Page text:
Close your eyes and breathe in and out, focusing on each in-breath and each out-breath. Follow your breath through to a full cycle from the beginning of an inhalation where the lungs are full back down to where they’re empty. Then start over again. As you stay with this cycle for five minutes, thoughts usually arise. You might wonder if you’re doing the exercise right, worry about an unfinished project or question if it’s worth your time with everything on your to-do list. Accept anything that arises with open-hardheartedness. Each time your mind wanders off and gets caught in a chain of thought (that’s part of the meditation process), simply step out of the thought stream and gently come back to the sensations of your breath. After five minutes, slowly open your eyelids and take in the colors and textures. Then stretch and breathe into your vivid awareness and notice how much more connected you feel to the moment and how calm, clear-minded and recharged you are to get back to work.
The pendulum exercise refers to the natural swing of your nervous system between sensations of well-being and body stress. With your eyes closed, notice a place in your body where you feel stress. It can show up as pain, an ache or a constriction. Then swing your attention to a place inside where you feel less stress or no stress. Focus there on the absence of stress, noticing your bodily sensations: steady heartbeat, softened jaw or relaxed muscles. Remain focused there and note the sensation for 10 seconds. Then visualize that sensation spreading to other parts of your body for another 10 seconds. Now shift back to the place where you originally felt stress. If it has changed, focus on the sensation of the change. Continue moving your attention back and forth between what is left of the stress and the relaxed parts of your body. As you shift, notice where stress has lessened and savor the lessening so it can spread to other parts of your body. When you have unpleasant body sensations during your busy, sometimes stressful workday, get in the habit of pendulating to the parts of your body where you have pleasant sensations and spend time there to offset the unpleasantness.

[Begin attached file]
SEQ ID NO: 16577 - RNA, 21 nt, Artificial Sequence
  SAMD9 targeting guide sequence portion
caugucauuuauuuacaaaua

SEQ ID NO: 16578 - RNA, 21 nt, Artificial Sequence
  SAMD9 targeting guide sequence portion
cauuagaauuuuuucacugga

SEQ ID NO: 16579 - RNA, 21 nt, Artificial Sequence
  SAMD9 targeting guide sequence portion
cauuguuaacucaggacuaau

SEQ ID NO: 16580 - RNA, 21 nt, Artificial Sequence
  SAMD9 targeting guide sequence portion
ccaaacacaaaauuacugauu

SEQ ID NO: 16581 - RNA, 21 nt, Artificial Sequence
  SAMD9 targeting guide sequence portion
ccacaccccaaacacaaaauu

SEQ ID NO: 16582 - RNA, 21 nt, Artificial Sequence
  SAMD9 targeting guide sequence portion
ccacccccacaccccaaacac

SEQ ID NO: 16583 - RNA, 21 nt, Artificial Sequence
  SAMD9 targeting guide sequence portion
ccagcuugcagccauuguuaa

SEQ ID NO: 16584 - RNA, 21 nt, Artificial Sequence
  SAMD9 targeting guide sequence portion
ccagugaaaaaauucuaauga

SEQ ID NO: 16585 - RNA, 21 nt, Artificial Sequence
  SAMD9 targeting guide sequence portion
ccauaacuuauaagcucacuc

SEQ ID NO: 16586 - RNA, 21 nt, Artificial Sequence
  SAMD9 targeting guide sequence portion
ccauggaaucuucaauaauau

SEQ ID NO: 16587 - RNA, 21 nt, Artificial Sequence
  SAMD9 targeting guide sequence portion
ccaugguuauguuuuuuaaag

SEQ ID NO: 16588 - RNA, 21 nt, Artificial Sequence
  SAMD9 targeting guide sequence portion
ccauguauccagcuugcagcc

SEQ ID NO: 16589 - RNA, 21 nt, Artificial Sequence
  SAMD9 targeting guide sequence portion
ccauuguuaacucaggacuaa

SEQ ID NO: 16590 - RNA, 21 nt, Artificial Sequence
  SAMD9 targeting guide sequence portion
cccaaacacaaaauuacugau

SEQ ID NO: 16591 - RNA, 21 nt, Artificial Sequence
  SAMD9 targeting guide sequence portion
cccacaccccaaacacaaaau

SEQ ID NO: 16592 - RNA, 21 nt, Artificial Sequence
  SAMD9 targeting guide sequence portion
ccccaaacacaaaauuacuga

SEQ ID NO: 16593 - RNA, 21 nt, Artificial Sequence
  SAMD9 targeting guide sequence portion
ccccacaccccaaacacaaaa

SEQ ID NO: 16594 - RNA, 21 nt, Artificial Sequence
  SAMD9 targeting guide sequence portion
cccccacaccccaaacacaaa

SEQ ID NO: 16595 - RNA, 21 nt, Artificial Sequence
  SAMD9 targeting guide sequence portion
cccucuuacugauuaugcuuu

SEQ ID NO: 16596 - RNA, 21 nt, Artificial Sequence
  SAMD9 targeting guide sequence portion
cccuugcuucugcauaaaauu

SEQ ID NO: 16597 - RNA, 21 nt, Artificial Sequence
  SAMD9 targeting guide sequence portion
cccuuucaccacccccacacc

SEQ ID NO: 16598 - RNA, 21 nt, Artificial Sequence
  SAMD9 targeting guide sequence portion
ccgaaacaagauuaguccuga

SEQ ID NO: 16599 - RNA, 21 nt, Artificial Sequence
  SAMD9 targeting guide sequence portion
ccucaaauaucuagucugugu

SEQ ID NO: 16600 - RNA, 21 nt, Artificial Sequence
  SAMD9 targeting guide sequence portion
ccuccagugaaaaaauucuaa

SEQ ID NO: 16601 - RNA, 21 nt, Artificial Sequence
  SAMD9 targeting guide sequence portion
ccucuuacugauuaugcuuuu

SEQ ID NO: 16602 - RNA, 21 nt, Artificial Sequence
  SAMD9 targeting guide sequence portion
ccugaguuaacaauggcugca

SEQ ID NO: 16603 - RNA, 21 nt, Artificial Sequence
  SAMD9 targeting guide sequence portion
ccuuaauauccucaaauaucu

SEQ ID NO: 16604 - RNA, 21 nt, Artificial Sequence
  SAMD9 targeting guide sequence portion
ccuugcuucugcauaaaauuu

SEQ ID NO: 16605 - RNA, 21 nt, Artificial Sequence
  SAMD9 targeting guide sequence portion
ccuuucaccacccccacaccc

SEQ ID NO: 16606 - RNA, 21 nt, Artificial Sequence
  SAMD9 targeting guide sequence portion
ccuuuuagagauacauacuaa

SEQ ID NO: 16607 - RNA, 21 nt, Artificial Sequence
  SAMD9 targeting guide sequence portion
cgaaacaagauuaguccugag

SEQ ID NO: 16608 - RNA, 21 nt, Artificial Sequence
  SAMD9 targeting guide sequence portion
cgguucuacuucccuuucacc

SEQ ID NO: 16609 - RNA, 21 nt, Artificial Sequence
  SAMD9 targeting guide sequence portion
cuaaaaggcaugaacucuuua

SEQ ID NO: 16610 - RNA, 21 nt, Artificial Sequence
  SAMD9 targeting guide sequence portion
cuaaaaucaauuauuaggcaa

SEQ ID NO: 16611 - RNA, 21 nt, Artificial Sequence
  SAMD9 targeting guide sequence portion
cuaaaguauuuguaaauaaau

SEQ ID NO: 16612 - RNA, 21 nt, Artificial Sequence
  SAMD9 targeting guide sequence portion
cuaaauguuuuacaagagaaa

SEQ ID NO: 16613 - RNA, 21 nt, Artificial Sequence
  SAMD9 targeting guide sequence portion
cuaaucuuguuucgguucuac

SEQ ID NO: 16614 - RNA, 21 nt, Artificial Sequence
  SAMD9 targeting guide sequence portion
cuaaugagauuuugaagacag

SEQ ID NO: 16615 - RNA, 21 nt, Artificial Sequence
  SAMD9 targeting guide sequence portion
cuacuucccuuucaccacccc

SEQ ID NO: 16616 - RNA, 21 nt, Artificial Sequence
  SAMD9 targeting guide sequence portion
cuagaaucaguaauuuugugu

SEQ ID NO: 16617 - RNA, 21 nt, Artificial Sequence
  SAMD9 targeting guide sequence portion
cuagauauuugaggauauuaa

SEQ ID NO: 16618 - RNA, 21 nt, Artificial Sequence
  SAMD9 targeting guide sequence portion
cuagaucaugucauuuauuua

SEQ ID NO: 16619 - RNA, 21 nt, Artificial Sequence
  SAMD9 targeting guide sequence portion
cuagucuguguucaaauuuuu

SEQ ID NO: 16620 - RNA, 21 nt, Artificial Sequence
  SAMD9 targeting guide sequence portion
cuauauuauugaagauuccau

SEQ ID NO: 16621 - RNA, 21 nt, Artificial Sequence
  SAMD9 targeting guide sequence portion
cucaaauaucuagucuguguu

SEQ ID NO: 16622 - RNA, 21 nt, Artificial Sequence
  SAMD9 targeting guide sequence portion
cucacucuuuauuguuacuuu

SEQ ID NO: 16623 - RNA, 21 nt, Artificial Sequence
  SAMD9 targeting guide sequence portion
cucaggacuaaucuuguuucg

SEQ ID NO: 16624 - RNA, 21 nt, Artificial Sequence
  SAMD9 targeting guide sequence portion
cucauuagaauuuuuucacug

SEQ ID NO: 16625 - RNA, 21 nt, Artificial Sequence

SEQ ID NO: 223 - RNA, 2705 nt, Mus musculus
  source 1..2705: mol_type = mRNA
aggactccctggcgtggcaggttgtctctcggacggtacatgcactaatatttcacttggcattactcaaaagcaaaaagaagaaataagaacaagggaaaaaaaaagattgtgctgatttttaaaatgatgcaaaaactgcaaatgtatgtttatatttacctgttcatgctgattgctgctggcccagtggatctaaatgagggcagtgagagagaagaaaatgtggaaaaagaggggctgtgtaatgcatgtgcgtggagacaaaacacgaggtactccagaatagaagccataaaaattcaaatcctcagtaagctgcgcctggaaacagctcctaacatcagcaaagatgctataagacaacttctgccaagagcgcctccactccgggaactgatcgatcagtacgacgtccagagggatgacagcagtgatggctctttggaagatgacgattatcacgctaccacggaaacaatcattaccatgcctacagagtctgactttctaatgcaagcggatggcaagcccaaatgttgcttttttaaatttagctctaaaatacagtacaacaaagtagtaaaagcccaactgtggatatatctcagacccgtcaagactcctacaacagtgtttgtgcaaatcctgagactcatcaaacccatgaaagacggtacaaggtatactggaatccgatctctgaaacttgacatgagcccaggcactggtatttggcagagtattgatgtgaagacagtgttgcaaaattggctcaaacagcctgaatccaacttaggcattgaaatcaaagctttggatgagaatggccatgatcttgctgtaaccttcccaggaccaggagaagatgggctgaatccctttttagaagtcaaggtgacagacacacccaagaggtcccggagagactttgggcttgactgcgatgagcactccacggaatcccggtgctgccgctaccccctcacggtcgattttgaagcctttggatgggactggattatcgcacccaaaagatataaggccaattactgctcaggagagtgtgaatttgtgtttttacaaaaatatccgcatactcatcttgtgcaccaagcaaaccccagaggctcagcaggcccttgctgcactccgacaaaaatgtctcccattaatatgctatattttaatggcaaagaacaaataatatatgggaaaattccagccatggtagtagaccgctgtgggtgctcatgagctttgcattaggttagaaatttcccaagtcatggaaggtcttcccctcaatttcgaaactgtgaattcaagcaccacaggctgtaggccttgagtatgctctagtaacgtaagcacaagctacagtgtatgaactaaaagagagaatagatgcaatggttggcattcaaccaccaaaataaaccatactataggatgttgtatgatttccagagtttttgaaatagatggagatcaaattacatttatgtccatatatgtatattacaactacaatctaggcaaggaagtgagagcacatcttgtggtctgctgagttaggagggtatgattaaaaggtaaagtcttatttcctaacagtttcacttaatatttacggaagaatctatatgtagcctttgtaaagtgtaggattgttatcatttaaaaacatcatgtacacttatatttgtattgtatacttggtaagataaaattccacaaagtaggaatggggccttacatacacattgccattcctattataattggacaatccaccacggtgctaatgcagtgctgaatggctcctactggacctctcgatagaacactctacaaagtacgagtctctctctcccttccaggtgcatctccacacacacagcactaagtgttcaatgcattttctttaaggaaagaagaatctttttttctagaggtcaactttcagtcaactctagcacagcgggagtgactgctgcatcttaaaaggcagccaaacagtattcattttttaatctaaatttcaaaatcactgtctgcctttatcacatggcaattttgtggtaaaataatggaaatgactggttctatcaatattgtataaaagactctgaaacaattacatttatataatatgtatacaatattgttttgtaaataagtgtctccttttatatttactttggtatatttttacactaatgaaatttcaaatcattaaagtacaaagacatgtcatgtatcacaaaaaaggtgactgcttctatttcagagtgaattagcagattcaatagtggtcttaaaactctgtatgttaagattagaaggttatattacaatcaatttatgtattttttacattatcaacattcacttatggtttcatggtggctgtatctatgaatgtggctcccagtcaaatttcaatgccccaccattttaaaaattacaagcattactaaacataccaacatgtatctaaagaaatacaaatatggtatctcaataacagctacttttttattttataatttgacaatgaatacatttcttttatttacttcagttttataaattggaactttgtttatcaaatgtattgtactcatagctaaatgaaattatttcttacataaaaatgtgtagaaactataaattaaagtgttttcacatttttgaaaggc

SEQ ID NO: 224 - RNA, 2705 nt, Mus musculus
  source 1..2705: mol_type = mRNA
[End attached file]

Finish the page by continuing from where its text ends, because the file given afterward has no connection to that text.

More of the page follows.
An activity known as “resourcing” harnesses your innate ability to override reactivity. A resource is anything that helps you feel better, calm your nerves or provide comfort. An internal resource is something positive inside such as a talent, trait or ability. An external resource is something outside of you such as a loved one, place, memory or pet. Resourcing puts the brakes on your fight-or-flight response and shifts you into your rest-and-digest response. The first step is to bring to mind something that sustains and nurtures you–a positive memory, person, place, pet or spiritual guide. Or a talent or trait inside that you value about yourself. Bring the resource up as vividly as you can for several minutes. Then redirect your attention to the accompanying pleasant or calming sensations inside. Focus on those sensations for another minute or two. Savor the felt sense of calm for as long as possible and acknowledge how your breathing and heart rate slow down and your muscles loosen.
A final Word
During these unusual times when you get overwhelmed or frustrated or things don’t turn out the way you hoped, get in the habit of bringing your awareness to the present moment. After regular practice, these Microchillers inhibit your automatic negative reactions and give you the space to feel calm, clarity, confidence and compassion for yourself and others around you. The mindfulness with which you walk that line between stress and personal well-being determines your happiness, wellness and ability to thrive despite these difficult circumstances.